Microsoft Silverlight: 10 reasons to love it, 10 reasons to hate it
A year or so ago I wrote a post called Adobe AIR: 10 reasons to love it, 10 reasons to hate it. Here’s the same kind of list for Microsoft’s Silverlight, based on the forthcoming Silverlight 2.0 rather than the current version. The items are not in any kind of order - they also reflect my interest in application development rather than design. It is not a definitive list, so there are many more points you could make - by all means comment - and it will be interesting to have another look a year from now when the real thing has been out for a while.
- Execute .NET code without deploying the .NET runtime. The Silverlight plug-in does include a cut-down .NET runtime, but instead of dealing with a large download and the complexities of the Windows installer, the user has a small download of about 4MB, all handled within the browser. In my experience so far, installation is smooth and easy.
- Performance is promising. Silverlight comes out well in this prime number calculator, thanks no doubt to JIT compilation to native code, though it may not compare so well for rendering graphics.
- Support for Moonlight means there will be an official open source implementation of Silverlight, mitigating the proprietary aspect.
- Silverlight interprets XAML directly, whereas Adobe’s XML GUI language, MXML, gets converted to SWF at compiling time. In fact, XAML pages are included as resources in the compiled .XAP binary used for deploying Silverlight applications. A .XAP file is just a ZIP with a different extension. This also means that search engines can potentially index text within a Silverlight application, just as they can with Flash.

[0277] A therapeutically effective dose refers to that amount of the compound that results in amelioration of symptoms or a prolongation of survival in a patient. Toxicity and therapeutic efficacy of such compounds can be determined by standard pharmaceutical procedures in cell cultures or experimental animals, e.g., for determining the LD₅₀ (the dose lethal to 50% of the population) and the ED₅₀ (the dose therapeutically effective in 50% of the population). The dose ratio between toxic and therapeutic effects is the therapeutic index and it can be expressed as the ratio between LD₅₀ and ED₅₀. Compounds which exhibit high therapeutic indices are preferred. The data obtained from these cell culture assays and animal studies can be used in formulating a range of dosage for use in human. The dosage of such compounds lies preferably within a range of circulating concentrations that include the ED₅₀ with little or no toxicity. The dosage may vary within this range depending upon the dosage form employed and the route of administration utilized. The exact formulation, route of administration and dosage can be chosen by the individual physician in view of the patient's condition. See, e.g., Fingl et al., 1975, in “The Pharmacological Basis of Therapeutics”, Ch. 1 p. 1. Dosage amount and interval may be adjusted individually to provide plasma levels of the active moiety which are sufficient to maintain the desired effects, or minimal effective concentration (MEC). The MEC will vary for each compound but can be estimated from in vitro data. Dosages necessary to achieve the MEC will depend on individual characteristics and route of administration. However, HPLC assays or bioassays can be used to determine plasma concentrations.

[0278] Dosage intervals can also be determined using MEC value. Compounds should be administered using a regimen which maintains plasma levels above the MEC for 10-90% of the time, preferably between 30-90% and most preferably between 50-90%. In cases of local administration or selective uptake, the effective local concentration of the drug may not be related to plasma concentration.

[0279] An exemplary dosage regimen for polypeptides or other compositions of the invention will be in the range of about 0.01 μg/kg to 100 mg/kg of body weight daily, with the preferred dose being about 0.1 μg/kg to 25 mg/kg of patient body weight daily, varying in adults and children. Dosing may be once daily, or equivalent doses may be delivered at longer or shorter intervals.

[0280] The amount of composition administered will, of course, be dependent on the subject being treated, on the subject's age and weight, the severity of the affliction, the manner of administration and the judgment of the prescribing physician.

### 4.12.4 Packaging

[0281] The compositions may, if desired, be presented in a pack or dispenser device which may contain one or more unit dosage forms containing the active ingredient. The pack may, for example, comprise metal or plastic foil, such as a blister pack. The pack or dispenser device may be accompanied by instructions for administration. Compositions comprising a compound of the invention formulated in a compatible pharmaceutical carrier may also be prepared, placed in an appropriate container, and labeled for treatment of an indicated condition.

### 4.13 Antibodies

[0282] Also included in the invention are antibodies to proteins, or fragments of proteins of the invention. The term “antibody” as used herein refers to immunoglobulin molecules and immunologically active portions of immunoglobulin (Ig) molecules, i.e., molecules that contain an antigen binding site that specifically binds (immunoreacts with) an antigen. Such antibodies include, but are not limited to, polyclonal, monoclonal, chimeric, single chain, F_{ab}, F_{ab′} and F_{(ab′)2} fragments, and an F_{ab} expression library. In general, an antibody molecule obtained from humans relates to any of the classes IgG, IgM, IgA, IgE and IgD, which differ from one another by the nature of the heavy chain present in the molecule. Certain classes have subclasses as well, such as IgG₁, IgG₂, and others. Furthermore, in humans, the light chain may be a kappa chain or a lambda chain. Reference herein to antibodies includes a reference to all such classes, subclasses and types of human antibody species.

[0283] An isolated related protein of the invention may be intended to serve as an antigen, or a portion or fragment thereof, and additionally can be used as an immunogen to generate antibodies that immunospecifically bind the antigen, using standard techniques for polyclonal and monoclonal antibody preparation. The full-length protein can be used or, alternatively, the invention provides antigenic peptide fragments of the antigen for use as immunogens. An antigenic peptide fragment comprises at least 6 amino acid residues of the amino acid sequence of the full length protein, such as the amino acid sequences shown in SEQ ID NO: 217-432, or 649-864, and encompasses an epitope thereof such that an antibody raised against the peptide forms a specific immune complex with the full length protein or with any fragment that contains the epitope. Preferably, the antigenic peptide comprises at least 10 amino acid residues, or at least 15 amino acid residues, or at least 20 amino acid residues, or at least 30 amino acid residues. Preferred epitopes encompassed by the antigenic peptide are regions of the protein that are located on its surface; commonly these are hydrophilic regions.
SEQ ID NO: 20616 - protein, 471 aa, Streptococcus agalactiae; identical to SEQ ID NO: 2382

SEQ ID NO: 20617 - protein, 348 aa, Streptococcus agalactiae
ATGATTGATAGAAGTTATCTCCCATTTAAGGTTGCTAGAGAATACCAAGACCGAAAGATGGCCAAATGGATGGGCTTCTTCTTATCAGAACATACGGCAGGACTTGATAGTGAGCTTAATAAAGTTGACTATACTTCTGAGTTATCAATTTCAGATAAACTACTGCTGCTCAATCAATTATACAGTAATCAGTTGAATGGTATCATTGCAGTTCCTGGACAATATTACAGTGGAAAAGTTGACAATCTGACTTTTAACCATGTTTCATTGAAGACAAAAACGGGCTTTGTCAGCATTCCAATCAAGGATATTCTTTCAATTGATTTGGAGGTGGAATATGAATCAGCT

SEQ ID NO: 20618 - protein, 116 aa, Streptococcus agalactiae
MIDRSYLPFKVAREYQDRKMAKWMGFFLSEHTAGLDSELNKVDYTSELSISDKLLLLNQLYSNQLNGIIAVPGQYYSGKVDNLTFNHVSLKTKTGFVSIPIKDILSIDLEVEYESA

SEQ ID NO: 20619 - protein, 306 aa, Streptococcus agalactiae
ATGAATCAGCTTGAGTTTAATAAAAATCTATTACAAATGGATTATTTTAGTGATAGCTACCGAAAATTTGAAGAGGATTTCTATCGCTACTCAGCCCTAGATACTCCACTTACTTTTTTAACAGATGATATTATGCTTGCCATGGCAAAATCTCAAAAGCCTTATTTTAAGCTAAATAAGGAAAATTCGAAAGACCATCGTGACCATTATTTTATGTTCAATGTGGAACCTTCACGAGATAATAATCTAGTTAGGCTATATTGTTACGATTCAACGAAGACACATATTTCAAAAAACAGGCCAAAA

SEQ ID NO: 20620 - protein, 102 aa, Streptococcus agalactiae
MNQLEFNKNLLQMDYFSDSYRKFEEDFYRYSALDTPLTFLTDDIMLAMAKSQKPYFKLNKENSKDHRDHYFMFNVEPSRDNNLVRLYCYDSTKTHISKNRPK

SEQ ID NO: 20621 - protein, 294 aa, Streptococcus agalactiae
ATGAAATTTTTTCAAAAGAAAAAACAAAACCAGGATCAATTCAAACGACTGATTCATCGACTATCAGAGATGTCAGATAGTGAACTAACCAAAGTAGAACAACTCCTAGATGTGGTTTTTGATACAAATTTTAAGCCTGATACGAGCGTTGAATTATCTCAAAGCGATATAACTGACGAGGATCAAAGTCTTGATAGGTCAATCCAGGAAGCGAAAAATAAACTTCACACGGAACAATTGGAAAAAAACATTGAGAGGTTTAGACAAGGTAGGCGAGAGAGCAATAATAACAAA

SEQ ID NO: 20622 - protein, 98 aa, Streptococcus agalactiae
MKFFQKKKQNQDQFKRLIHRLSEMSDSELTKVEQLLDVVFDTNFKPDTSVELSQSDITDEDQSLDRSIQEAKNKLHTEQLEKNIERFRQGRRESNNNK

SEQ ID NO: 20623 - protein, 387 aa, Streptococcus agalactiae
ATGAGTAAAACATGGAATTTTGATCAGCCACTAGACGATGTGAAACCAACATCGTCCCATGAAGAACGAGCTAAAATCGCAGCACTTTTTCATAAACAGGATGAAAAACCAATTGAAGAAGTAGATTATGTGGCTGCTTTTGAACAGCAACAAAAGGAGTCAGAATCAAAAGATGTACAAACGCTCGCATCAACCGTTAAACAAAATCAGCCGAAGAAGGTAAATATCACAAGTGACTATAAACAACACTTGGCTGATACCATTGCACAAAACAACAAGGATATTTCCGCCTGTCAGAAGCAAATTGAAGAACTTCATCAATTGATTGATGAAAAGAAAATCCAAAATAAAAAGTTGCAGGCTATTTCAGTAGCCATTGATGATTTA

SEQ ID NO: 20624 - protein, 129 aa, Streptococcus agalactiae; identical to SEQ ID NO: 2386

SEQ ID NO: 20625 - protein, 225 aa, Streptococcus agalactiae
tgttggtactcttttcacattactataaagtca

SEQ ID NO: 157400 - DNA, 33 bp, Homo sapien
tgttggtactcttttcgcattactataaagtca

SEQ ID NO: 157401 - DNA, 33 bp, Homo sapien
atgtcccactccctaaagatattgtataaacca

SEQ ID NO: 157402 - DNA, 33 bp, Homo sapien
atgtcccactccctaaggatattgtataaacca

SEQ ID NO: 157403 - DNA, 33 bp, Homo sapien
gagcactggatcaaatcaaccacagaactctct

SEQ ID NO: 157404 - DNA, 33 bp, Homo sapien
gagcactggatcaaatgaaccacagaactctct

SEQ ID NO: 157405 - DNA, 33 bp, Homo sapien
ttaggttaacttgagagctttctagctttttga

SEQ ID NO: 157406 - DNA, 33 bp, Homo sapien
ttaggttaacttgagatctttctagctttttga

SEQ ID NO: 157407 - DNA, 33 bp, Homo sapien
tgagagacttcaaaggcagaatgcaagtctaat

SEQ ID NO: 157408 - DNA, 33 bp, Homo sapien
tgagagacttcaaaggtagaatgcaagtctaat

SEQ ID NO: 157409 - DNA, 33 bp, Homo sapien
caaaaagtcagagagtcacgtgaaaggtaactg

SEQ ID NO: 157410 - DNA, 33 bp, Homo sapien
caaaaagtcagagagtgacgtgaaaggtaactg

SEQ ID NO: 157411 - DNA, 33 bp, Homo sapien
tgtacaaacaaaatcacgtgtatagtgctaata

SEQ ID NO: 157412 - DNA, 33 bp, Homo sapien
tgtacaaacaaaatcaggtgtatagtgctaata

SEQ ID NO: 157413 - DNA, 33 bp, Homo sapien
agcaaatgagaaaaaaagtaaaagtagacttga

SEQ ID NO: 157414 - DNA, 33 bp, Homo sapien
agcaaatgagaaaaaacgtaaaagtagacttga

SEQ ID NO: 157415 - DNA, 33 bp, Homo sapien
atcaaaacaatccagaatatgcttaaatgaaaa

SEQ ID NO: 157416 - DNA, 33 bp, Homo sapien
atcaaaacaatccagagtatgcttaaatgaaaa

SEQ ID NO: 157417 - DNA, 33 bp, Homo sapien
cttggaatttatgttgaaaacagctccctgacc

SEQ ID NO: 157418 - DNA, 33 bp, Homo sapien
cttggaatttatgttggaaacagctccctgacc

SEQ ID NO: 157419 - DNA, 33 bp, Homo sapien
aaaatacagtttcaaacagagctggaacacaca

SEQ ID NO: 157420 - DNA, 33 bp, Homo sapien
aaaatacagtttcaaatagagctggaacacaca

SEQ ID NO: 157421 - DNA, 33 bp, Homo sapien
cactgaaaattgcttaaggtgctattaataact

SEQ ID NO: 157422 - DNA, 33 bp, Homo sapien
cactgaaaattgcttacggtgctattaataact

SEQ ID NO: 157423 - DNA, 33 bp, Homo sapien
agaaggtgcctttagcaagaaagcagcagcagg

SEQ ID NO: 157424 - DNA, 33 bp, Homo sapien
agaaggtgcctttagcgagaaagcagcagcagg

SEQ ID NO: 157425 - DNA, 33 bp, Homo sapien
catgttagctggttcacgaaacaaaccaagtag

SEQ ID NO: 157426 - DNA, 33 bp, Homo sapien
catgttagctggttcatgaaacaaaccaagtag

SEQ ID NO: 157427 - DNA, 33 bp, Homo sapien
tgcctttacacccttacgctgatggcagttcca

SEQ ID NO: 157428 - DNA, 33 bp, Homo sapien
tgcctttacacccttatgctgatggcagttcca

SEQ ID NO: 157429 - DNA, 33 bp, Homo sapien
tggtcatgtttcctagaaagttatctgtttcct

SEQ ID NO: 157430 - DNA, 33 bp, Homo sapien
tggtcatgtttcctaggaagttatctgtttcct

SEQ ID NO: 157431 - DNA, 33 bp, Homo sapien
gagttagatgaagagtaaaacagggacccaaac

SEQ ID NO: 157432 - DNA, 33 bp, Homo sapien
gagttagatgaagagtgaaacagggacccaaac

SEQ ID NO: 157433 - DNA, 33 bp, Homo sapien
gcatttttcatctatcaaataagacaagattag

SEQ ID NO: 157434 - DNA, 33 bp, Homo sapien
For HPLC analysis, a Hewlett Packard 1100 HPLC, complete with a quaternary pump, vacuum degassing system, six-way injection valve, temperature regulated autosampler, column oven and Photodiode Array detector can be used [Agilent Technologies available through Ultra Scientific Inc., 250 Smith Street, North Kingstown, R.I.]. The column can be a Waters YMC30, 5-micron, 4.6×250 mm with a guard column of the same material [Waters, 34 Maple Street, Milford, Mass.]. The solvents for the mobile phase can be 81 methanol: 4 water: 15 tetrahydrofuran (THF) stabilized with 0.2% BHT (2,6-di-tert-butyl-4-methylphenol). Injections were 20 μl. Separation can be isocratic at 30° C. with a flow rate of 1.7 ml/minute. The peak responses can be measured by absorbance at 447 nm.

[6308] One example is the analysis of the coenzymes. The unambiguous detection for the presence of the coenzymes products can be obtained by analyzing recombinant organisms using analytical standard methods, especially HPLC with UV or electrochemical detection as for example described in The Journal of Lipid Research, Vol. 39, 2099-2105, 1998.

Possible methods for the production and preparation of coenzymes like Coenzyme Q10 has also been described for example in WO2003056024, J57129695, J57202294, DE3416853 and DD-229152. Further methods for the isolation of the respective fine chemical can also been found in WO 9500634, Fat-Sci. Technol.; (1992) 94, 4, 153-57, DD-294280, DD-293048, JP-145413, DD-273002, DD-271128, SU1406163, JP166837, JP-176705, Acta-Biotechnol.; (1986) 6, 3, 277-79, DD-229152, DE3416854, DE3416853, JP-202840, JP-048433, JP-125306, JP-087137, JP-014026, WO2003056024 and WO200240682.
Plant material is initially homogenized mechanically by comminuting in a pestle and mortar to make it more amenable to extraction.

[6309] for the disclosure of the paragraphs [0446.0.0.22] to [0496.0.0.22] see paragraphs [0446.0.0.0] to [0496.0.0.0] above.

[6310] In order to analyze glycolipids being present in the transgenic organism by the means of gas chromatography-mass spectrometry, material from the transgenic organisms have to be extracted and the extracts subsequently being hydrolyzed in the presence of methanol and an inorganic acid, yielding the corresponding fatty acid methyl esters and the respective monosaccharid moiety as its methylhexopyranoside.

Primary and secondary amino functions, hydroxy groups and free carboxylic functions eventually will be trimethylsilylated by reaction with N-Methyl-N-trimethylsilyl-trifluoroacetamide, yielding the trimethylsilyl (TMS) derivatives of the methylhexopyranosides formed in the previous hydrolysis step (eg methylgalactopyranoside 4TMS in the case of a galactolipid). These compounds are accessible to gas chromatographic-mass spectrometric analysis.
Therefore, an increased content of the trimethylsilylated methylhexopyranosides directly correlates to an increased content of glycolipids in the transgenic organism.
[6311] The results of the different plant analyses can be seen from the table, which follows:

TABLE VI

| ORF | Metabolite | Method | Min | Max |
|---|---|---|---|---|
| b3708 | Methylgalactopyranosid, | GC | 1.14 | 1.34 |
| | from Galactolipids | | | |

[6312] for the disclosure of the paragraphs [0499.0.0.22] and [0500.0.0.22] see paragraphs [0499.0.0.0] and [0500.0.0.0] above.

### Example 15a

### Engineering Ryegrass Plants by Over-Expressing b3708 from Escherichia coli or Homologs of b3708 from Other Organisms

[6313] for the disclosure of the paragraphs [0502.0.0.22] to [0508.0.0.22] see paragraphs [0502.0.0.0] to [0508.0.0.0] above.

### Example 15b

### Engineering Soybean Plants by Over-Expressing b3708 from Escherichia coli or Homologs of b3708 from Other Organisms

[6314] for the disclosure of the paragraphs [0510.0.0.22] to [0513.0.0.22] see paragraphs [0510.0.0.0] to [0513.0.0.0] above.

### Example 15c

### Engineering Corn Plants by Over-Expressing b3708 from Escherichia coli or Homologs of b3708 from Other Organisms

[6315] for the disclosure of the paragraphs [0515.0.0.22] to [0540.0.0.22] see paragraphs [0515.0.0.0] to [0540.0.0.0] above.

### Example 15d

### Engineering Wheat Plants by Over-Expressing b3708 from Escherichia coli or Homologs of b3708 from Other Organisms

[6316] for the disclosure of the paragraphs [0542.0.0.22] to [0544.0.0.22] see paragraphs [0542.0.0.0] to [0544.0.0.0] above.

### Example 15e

- Third-party component vendors are already well on with Silverlight add-ons. For example, Infragistics, ComponentOne and DevExpress.
- Take your .NET code cross-platform. With Macs popping up everywhere, the ability to migrate Visual Basic or C# code to a cross-platform, browser-based Silverlight client will be increasingly useful. Clearly this only applies to existing .NET developers - I guess this is the main market for Silverlight, but it is a large one. The same applies to the next point:
- Uses Visual Studio. Microsoft’s IDE is a mature and well-liked development environment, and since it is also the tool for ASP.NET you can use it for server-side code, as well as for the Silverlight client. For those who don’t get on with Visual Studio, the Silverlight SDK also supports command-line compilation.
- Choose your language. Support for multiple languages has been part of .NET since its beginning, and having the .NET runtime in Silverlight 2.0 means you can code your client-side logic in C#, Visual Basic, or thanks to the Dynamic Language Runtime (DLR) Iron Ruby or Iron Python.
- Isolated storage gives Silverlight applications local file access, but only in a protected location specific to the application, providing a relatively secure way to get this benefit.
Next page: The cons
You have been tricked by Icaza/MS
Right now, people having Moonlight had the first issue.
They couldn't watch Olympics on NBC because it was Silverlight 2 based.
Same people can't enjoy any "big name" NET 3.x software because Mono either doesn't support it or it is not practically the same thing as Java "write once" philosophy.
If you ask MS, they will say they support windows media on Mac too. The fact is, Windows Media player for Mac, actual version is DEAD, it is a security and system stability hazard and performance killer on Intel macs.
I wanted to give an example of how big liar can MS be when they advertise their products multi platform (!) ability.
Don't agree with some points
>Silverlight is late to the game.
No! Silverlight isn't yet another Flash. Flash was made for multimedia, while the Silverlight market is rich Internet applications.
>The design tools are Expression Blend and Expression Design
>- but who uses them? The design world uses Adobe PhotoShop.
Once again. Silverlight is not for fancy graphics, it is for rich user experience.
>Silverlight is a browser-only solution
Yes, but have you ever heard about WPF? Silverlight its younger browser. WPF uses XAML as well, so it won't take much time to port your web app to desktop and vice versa.
@People who think SVG is an alternative
What the fuck are you talking about? Yeah, SVG is a great format for Scalable Vector Graphics, but in what way does it provide anything like the functionality Silverlight or, to a lesser extent Flash, offer? How, for example, would you make an SVG file in which you can drag and drop various elements, or have a data grid with dynamic sortable columns in, etc?